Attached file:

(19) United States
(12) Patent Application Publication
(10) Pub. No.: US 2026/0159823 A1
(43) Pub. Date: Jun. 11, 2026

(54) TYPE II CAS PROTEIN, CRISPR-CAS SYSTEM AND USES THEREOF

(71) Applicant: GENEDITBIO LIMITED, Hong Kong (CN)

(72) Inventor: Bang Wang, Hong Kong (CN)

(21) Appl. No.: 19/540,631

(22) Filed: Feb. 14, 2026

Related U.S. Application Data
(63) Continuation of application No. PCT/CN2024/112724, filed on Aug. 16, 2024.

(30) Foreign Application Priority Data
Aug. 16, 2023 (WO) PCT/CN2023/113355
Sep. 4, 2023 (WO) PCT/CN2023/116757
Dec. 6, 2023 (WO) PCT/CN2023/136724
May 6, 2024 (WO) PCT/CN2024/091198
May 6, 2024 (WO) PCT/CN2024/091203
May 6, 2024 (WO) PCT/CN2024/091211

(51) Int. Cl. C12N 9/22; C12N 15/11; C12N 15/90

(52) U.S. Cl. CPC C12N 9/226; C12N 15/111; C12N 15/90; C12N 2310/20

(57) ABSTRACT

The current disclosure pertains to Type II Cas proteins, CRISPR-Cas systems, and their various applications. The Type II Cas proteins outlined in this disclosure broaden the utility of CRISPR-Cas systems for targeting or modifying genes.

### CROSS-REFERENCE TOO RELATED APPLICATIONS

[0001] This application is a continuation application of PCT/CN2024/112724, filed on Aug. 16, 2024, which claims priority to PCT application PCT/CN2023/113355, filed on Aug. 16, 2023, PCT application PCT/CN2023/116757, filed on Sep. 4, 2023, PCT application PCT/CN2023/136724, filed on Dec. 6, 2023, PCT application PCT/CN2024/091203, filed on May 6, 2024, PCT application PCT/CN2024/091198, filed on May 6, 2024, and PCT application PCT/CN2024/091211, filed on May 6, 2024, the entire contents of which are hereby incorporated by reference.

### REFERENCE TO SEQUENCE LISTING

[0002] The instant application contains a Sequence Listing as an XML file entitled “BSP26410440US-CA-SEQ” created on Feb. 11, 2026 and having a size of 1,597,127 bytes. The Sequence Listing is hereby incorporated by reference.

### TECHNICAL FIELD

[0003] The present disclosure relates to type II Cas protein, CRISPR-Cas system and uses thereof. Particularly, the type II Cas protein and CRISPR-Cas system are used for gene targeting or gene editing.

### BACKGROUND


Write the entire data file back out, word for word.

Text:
(19) United States
(12) Patent Application Publication
(10) Pub. No.: US 2026/0159823 A1
(43) Pub. Date: Jun. 11, 2026

(54) TYPE II CAS PROTEIN, CRISPR-CAS SYSTEM AND USES THEREOF

(71) Applicant: GENEDITBIO LIMITED, Hong Kong (CN)

(72) Inventor: Bang Wang, Hong Kong (CN)

(21) Appl. No.: 19/540,631

(22) Filed: Feb. 14, 2026

Related U.S. Application Data
(63) Continuation of application No. PCT/CN2024/112724, filed on Aug. 16, 2024.

(30) Foreign Application Priority Data
Aug. 16, 2023 (WO) PCT/CN2023/113355
Sep. 4, 2023 (WO) PCT/CN2023/116757
Dec. 6, 2023 (WO) PCT/CN2023/136724
May 6, 2024 (WO) PCT/CN2024/091198
May 6, 2024 (WO) PCT/CN2024/091203
May 6, 2024 (WO) PCT/CN2024/091211

(51) Int. Cl. C12N 9/22; C12N 15/11; C12N 15/90

(52) U.S. Cl. CPC C12N 9/226; C12N 15/111; C12N 15/90; C12N 2310/20

(57) ABSTRACT

The current disclosure pertains to Type II Cas proteins, CRISPR-Cas systems, and their various applications. The Type II Cas proteins outlined in this disclosure broaden the utility of CRISPR-Cas systems for targeting or modifying genes.

### CROSS-REFERENCE TOO RELATED APPLICATIONS

[0001] This application is a continuation application of PCT/CN2024/112724, filed on Aug. 16, 2024, which claims priority to PCT application PCT/CN2023/113355, filed on Aug. 16, 2023, PCT application PCT/CN2023/116757, filed on Sep. 4, 2023, PCT application PCT/CN2023/136724, filed on Dec. 6, 2023, PCT application PCT/CN2024/091203, filed on May 6, 2024, PCT application PCT/CN2024/091198, filed on May 6, 2024, and PCT application PCT/CN2024/091211, filed on May 6, 2024, the entire contents of which are hereby incorporated by reference.

### REFERENCE TO SEQUENCE LISTING

[0002] The instant application contains a Sequence Listing as an XML file entitled “BSP26410440US-CA-SEQ” created on Feb. 11, 2026 and having a size of 1,597,127 bytes. The Sequence Listing is hereby incorporated by reference.

### TECHNICAL FIELD

[0003] The present disclosure relates to type II Cas protein, CRISPR-Cas system and uses thereof. Particularly, the type II Cas protein and CRISPR-Cas system are used for gene targeting or gene editing.

### BACKGROUND